The next morning, free from the gaze of Polo and with Tegana and his men gone, the Doctor uses Susan’s key to enter the TARDIS so as to check on its progress. The dimensions have not returned to their normal size but the walls are starting to resemble their old, roundelled pattern. The Doctor notices a dripping from the ceiling and delightedly sees the condensation on the interior walls. He collects the water in one of the empty gourds he finds outside and then presents it to Polo, who misconstrues that the Doctor was carrying water in his blue caravan all this time before Ian can explain to Polo the basic twentieth-century school textbook science version of how condensation forms. On the strength of a single gourd of water collected from within the TARDIS by the Doctor, who is careful not to let any of the others in, and allaying Susan’s skepticism that the transcendent dimensions of the TARDIS would mean that it would be impossible for condensation to form within by saying that he is accessing the water from the food dispenser, which he has been able to get working again, the caravan is able to forge ahead and make it to the oasis where they rest and restock on fresh water before continuing on to the city of Lanchow (modern day Lanzhou, and at the geographical centre of China), passing through the Jiayu Pass en route, where they first encounter the sight of the Great Wall in its original splendour at its most western extremity.

Arriving at Lanchow, through which the Yellow River runs, Polo demands to know where Tegana is. It’s clear that the city is awash with Nayan’s spies and they initially learn very little. They can do nothing except rest while they can, and that night Ching-Po recites the song and dance of Ala-eddin, which reveals to Barbara a clue of the secret location of one of Ala-eddin’s caves amongst the Maijishan Grottoes as the Cave of Five Hundred Eyes – a name Barbara recalls overhearing Tegana mention in Lop as the place that he and the stranger will next meet.

First Crisis Point

Barbara leaves in the night for the Cave of Five Hundred Eyes, where she is discovered and seized by Tegana and his conspirators, who include the Lord Nayan – the man who Tegana spoke with in Lop. She is taken away on horseback in the night (Tegana still believing her to be an evil spirit whom they will make pilot the blue caravan).

Rising Action (continued)

The next morning, the party discover that Barbara is missing. The Doctor uncovers a note she left behind in her room that cryptically alludes to the Cave of Five Hundred Eyes referred to in Ping-Cho’s dance that they all witnessed the previous evening. Arriving at the cave, they discover her scarf and find an old man, the Mongol Malik, who initially mistakes the party to be sent by Tegana. Threatened by Ian and Polo, he tells them that Tegana took Barbara with him to Peking as he set out to fulfil his mission for Lord Nayan; to murder Kublai Khan (Shah Mat) so that Nayan may be crowned Khan in his place.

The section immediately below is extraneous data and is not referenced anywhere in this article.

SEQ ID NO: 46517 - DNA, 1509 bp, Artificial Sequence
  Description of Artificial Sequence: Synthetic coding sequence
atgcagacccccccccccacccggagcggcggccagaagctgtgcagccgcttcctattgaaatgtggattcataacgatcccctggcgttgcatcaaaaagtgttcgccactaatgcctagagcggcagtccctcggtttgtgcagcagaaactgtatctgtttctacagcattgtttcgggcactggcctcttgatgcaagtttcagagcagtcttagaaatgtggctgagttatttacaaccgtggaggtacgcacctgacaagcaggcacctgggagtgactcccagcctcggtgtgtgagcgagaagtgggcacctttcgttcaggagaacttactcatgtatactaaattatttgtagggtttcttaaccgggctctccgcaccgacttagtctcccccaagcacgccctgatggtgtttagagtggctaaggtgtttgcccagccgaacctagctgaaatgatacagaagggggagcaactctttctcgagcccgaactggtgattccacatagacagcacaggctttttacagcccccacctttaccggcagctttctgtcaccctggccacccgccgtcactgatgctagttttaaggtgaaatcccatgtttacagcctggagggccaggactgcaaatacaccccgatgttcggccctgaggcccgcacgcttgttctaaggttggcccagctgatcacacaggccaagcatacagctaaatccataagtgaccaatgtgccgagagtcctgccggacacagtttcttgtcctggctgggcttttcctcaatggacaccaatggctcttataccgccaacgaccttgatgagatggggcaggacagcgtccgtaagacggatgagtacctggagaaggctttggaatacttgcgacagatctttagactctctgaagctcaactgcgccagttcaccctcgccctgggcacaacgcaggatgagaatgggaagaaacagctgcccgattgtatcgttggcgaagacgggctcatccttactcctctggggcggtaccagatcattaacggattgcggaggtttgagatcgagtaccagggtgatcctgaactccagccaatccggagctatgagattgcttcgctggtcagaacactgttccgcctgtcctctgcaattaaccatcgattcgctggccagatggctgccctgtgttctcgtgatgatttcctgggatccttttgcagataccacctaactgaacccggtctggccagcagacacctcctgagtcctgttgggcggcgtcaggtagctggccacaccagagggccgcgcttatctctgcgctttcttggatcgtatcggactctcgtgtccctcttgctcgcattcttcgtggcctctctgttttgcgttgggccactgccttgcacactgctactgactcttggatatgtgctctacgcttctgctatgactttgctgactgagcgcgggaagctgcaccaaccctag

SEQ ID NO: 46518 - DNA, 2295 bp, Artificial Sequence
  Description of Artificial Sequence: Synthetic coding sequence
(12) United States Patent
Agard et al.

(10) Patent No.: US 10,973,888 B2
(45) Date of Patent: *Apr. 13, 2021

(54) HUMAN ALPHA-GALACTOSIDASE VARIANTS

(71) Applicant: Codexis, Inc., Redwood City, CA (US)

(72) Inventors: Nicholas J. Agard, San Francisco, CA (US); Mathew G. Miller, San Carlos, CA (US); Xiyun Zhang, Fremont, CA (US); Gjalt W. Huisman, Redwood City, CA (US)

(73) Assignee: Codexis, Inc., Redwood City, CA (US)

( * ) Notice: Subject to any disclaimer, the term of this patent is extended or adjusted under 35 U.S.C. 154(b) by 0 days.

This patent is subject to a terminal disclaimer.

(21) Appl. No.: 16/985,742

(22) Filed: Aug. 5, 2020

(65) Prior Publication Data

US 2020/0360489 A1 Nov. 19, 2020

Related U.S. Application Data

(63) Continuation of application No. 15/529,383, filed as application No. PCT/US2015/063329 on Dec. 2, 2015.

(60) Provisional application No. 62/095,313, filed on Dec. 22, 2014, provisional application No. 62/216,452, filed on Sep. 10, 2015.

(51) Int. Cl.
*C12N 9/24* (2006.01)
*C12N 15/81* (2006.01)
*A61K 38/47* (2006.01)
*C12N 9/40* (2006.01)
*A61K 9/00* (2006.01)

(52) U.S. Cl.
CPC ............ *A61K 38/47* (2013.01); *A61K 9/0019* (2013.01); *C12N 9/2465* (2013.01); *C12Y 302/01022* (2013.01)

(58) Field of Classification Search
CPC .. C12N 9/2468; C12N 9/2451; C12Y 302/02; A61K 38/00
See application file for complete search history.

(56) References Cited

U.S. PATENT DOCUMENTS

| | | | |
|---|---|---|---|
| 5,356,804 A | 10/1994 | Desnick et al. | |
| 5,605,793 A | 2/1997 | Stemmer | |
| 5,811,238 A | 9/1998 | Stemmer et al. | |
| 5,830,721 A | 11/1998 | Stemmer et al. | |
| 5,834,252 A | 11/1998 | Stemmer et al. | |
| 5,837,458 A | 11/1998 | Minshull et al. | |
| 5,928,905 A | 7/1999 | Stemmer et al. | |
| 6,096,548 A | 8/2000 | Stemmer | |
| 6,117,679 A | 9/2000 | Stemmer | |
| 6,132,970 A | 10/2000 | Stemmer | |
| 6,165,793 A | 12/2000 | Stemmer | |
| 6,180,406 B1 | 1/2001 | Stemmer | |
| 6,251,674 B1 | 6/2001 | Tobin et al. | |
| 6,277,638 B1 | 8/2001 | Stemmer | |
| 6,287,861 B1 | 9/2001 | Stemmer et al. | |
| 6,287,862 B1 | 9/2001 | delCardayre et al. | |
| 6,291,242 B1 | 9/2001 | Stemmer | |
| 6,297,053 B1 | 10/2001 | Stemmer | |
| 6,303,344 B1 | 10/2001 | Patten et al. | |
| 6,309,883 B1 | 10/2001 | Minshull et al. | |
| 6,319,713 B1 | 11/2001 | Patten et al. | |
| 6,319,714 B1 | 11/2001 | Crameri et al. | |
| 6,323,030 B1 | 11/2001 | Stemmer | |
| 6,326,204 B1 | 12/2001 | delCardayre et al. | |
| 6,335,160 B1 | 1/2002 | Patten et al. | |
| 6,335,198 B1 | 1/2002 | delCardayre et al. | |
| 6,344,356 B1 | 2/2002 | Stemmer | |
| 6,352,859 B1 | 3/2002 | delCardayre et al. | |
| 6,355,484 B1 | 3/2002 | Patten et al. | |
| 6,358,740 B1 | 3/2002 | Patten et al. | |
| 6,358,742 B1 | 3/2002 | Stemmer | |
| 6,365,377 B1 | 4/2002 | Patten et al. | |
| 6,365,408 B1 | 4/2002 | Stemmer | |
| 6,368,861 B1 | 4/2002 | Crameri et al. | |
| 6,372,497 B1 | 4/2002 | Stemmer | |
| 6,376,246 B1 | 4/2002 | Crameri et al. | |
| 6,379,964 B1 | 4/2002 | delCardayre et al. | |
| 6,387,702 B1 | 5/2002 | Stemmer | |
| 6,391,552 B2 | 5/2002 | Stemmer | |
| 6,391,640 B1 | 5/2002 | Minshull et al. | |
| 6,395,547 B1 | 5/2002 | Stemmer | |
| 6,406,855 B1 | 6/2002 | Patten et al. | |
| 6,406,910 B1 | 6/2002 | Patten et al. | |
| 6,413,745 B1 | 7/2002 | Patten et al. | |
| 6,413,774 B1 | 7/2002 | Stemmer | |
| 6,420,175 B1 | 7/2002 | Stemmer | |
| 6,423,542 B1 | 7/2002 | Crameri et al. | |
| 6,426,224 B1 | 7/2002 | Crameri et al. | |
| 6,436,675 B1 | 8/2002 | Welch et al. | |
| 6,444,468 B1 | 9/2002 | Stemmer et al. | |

We cut to Barbara who is now with the riding party led by Nayan and Tegana. By campfire, Barbara is interrogated by the Mongol warlords and through her quick-wittedness and the advantage of her future knowledge, is able to equally confound and convince them both of her knowledge of sorcery. At dawn, the party splits; Nayan going on to his stronghold at Karakorum, where he has amassed 10,000 men for the planned attack on the Khan’s palace at Peking, while another group of men, led by Acomat, go to intercept Polo’s advance party in order to kill them, and lastly a group of remaining men led by Tegana who take Barbara on to Peking, where they will act as the vanguard and prepare for Nayan’s planned invasion.

Ian begins his own side-mission on the trail of Barbara and her kidnappers. Steaming ahead bearing the Khan’s seal given first to Polo and now to him, he rides the long road to Peking, encountering at least one ambush at a trading post one night. It’s at this point that we can drop in the events of Sir Ian of Jaffa’s quest as laid out in David Whitaker’s novelisation of “The Crusade”, Doctor Who and the Crusaders, especially the scene with the ants.

The travellers depart Lanchow along the road through the bamboo forest that leads to Shang-Tu, Malik having been taken prisoner by Polo. From Lanchow, Polo sends forward a rider to Shang-Tu to warn the Khan, while their caravan follows at the rear, including the TARDIS, as the travellers make their way to court via horseback. Along the way, they are attacked by bandits led by and in the employ of one of Tegana’s men, Acomat (should this just be Malik, the man we see in the Caves of Five Hundred Eyes?).

The TARDIS is stolen in the skirmish so Polo – who is admits to the Doctor that he plans to present the flying blue caravan to the Khan in order tha the may win his freedom and so be able to at last return home– and the Doctor plan to retrieve it with the help of Ling Tao, a rider from Shang-Tu, who has come to tell Polo the Khan has received his message, and that an armed procession is on its way to fetch the travellers to Peking, where they will prepare against Nayan and celebrate the wedding of Ping-Cho. Polo, the Doctor, Ian, Susan, Ping-Cho and Ling Tao begin their final leg to the Palace of the Khan at Peking, their caravan following behind them. It is evident that there is a romance developing between Ping-Cho and Ling Tao.